DOJ’s Proposed Rule suggests that it will identify six countries of concern in its final rule.  Those are:  China (including Hong Kong and Macau), Russia, Iran, North Korea, Cuba, and Venezuela. 

Meanwhile, the proposed definition of “covered persons” would include countries of concern or entities and individuals who are owned by, controlled by, or subject to the jurisdiction of such countries.  It would also extend to persons designated by the Attorney General as being owned or controlled by or subject to the jurisdiction or direction of a country of concern, or as acting (or purporting to act) on behalf of a country of concern or covered person, or knowingly causing or directing a violation of DOJ’s regulations.

Data Subject to the Proposed Rule

Bulk Sensitive Personal Data.  The EO defines covered data, but DOJ is expected to elaborate on the definitions in final rule.  The EO defines “sensitive personal data” as including six categories:

  • Covered personal identifiers, meaning personally identifiable data reasonably linked to an individual, or that could be used with other data to identify an individual from a data set or link data across multiple data sets to an individual;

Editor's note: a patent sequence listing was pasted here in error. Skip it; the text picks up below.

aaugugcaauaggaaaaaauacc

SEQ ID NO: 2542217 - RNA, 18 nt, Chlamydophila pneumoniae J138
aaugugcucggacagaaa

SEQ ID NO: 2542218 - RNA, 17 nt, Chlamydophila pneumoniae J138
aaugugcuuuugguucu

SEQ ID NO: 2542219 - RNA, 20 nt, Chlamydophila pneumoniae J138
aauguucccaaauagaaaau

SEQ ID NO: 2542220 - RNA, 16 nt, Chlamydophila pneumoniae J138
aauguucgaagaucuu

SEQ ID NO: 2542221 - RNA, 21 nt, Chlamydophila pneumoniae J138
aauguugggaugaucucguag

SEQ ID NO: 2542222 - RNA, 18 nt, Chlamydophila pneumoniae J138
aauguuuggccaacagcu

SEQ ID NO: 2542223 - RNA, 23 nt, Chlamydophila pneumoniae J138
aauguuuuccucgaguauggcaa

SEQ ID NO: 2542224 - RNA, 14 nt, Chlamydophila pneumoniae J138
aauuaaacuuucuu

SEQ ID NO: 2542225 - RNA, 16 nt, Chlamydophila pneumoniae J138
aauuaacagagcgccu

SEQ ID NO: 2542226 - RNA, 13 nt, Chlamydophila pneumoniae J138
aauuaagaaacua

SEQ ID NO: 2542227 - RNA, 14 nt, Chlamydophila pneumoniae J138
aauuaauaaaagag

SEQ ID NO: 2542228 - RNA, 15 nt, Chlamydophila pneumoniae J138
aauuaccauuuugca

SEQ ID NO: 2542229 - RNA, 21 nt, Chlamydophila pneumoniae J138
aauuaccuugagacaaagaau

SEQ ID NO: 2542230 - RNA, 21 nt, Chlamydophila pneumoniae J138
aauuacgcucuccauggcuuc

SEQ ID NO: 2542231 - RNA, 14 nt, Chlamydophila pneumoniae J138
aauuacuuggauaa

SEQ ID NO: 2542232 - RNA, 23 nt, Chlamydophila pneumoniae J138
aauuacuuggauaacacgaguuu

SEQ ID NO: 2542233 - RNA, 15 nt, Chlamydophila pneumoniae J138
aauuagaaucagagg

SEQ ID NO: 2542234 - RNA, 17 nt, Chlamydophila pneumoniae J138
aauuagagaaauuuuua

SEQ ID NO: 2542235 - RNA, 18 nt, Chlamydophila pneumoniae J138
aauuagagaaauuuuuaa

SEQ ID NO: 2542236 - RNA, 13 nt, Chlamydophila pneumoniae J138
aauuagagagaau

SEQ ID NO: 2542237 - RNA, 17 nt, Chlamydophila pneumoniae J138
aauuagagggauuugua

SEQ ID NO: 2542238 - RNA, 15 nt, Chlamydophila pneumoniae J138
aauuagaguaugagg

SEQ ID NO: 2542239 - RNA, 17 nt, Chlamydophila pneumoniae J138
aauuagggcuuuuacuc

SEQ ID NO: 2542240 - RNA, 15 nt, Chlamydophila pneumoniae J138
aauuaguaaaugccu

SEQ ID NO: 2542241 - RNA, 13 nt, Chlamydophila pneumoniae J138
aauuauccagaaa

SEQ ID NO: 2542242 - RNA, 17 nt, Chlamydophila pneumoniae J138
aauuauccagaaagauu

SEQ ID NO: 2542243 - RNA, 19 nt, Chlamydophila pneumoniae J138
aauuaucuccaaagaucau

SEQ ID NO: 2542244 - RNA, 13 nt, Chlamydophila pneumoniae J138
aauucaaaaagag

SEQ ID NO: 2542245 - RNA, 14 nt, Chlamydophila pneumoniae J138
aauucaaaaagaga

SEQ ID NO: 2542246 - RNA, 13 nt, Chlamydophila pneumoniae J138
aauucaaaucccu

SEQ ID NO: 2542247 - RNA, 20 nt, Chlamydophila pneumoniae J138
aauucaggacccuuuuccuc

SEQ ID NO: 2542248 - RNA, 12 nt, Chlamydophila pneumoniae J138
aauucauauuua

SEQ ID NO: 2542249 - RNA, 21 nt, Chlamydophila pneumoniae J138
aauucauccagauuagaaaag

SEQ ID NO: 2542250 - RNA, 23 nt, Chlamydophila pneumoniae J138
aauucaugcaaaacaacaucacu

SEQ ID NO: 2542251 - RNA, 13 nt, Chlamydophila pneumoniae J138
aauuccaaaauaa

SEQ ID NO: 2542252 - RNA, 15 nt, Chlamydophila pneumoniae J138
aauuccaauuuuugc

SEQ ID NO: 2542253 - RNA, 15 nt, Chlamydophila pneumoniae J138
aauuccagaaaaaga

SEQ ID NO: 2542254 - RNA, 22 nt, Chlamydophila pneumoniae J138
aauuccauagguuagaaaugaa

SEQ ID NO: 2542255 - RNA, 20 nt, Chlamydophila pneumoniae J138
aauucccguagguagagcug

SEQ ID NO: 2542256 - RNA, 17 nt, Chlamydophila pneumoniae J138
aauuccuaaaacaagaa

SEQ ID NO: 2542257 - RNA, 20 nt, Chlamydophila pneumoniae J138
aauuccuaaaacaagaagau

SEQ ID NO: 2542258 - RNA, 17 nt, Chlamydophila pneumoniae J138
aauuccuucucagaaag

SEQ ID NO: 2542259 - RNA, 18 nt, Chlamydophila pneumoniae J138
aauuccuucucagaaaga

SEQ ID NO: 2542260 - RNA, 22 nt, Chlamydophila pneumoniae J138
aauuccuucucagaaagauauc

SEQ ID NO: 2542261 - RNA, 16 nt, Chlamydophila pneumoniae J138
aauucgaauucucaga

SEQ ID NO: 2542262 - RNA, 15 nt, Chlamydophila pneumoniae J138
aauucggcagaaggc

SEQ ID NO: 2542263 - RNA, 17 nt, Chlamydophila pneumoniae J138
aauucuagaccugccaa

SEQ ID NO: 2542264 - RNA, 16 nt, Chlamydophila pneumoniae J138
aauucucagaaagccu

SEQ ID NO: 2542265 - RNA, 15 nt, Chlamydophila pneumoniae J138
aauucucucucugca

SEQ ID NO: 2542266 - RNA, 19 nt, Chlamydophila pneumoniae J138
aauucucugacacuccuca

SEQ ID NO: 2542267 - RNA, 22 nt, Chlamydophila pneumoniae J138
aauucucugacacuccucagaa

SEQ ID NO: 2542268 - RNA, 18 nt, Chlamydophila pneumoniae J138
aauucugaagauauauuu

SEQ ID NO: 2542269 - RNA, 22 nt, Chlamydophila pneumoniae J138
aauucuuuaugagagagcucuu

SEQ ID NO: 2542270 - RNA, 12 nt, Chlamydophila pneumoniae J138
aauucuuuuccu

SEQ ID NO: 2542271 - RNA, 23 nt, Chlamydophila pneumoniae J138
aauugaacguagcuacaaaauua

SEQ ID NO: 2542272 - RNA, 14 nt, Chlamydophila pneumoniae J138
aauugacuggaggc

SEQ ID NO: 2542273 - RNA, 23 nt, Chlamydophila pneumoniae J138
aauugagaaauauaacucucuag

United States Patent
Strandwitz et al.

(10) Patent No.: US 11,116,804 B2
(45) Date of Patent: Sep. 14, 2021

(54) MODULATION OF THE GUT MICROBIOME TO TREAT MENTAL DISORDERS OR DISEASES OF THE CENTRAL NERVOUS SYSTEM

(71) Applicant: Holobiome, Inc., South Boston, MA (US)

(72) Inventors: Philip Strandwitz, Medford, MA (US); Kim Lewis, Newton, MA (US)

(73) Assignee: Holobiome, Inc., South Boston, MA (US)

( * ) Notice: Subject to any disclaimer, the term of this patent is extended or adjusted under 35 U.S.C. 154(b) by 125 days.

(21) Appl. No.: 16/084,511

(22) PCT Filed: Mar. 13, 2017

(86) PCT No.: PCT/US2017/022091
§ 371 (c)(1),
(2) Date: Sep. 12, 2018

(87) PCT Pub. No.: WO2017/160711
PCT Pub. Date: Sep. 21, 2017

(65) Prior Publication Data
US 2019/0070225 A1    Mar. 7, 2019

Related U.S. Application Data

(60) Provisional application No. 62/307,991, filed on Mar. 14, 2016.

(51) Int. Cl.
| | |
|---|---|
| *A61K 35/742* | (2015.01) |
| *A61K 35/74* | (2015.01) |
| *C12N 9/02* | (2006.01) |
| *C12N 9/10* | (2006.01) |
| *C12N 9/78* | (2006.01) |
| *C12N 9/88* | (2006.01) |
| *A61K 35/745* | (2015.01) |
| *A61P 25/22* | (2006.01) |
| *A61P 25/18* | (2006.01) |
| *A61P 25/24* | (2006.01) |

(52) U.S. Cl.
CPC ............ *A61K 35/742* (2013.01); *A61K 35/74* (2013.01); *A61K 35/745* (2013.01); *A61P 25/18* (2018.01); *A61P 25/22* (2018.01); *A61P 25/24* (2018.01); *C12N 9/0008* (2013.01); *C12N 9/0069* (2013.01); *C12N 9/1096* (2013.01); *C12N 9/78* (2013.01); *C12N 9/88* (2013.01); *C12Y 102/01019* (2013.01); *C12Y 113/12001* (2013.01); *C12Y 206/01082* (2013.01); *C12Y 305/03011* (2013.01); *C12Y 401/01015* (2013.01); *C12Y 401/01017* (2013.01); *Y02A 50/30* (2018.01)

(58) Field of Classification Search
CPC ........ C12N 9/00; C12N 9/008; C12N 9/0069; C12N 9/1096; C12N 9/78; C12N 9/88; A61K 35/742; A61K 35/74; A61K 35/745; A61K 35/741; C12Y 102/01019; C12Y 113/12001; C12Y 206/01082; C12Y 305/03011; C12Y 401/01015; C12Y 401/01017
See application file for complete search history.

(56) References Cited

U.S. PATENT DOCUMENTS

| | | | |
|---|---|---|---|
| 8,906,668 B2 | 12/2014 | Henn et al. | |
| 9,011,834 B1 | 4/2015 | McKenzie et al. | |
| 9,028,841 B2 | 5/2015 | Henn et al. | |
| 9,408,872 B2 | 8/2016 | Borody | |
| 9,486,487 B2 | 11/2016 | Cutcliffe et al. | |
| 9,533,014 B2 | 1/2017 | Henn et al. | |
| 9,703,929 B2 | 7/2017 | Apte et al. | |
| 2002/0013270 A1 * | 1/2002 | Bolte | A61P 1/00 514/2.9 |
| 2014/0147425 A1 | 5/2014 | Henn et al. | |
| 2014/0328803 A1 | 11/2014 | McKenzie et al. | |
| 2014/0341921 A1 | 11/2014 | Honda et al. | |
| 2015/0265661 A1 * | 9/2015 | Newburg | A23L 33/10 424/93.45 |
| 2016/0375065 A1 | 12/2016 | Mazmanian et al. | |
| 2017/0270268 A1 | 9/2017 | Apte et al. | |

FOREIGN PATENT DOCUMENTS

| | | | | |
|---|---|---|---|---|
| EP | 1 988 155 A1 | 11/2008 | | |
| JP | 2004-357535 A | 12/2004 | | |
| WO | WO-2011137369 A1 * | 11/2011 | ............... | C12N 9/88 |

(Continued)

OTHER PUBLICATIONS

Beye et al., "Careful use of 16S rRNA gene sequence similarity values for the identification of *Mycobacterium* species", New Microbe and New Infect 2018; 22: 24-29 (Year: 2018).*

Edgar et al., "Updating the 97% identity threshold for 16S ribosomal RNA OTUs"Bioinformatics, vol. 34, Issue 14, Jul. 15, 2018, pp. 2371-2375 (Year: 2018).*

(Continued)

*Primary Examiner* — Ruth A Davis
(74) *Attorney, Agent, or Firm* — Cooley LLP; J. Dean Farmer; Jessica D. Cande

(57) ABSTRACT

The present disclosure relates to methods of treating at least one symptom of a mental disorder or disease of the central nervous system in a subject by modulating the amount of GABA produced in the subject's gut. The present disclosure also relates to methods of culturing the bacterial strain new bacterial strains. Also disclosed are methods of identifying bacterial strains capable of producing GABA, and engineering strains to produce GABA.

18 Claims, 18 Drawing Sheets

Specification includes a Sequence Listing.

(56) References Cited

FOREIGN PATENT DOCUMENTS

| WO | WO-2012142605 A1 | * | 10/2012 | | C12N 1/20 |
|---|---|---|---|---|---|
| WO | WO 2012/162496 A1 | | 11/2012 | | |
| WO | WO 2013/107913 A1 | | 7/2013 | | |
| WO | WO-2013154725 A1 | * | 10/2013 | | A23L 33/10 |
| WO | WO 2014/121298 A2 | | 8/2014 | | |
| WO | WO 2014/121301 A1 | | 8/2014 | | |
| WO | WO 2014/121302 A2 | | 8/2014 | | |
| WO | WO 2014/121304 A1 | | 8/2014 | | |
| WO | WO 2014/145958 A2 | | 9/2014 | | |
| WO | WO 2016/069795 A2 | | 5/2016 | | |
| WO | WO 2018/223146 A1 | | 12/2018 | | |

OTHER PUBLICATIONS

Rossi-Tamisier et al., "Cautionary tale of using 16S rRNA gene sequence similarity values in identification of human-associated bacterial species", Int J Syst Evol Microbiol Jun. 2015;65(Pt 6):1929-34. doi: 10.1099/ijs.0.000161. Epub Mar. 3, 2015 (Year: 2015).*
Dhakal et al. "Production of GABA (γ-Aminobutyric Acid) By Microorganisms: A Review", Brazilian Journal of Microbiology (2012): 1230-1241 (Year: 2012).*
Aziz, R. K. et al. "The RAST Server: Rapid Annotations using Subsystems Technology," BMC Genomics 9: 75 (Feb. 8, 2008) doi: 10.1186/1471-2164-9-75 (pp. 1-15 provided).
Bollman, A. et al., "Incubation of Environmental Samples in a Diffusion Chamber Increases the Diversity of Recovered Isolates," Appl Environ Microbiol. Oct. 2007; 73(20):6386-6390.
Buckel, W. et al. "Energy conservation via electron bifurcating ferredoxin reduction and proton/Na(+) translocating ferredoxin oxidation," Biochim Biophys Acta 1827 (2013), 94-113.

• Geolocation and sensor data that identifies individual locations with a certain amount of precision;
  • Biometric identifiers, including facial images, fingerprints, and voice patterns;
  • Human ‘omic data, dealing with human genetic information;
  • Personal health data, as defined by relevant portions of the Health Insurance Portability and Accountability Act (HIPAA) and Social Security Act; and
  • Personal financial data, to include purchase and payment history.

The EO also notes that sensitive personal data does not include data that is a matter of public record, trade secrets, personal communications that do not transfer anything of value, and information and informational materials.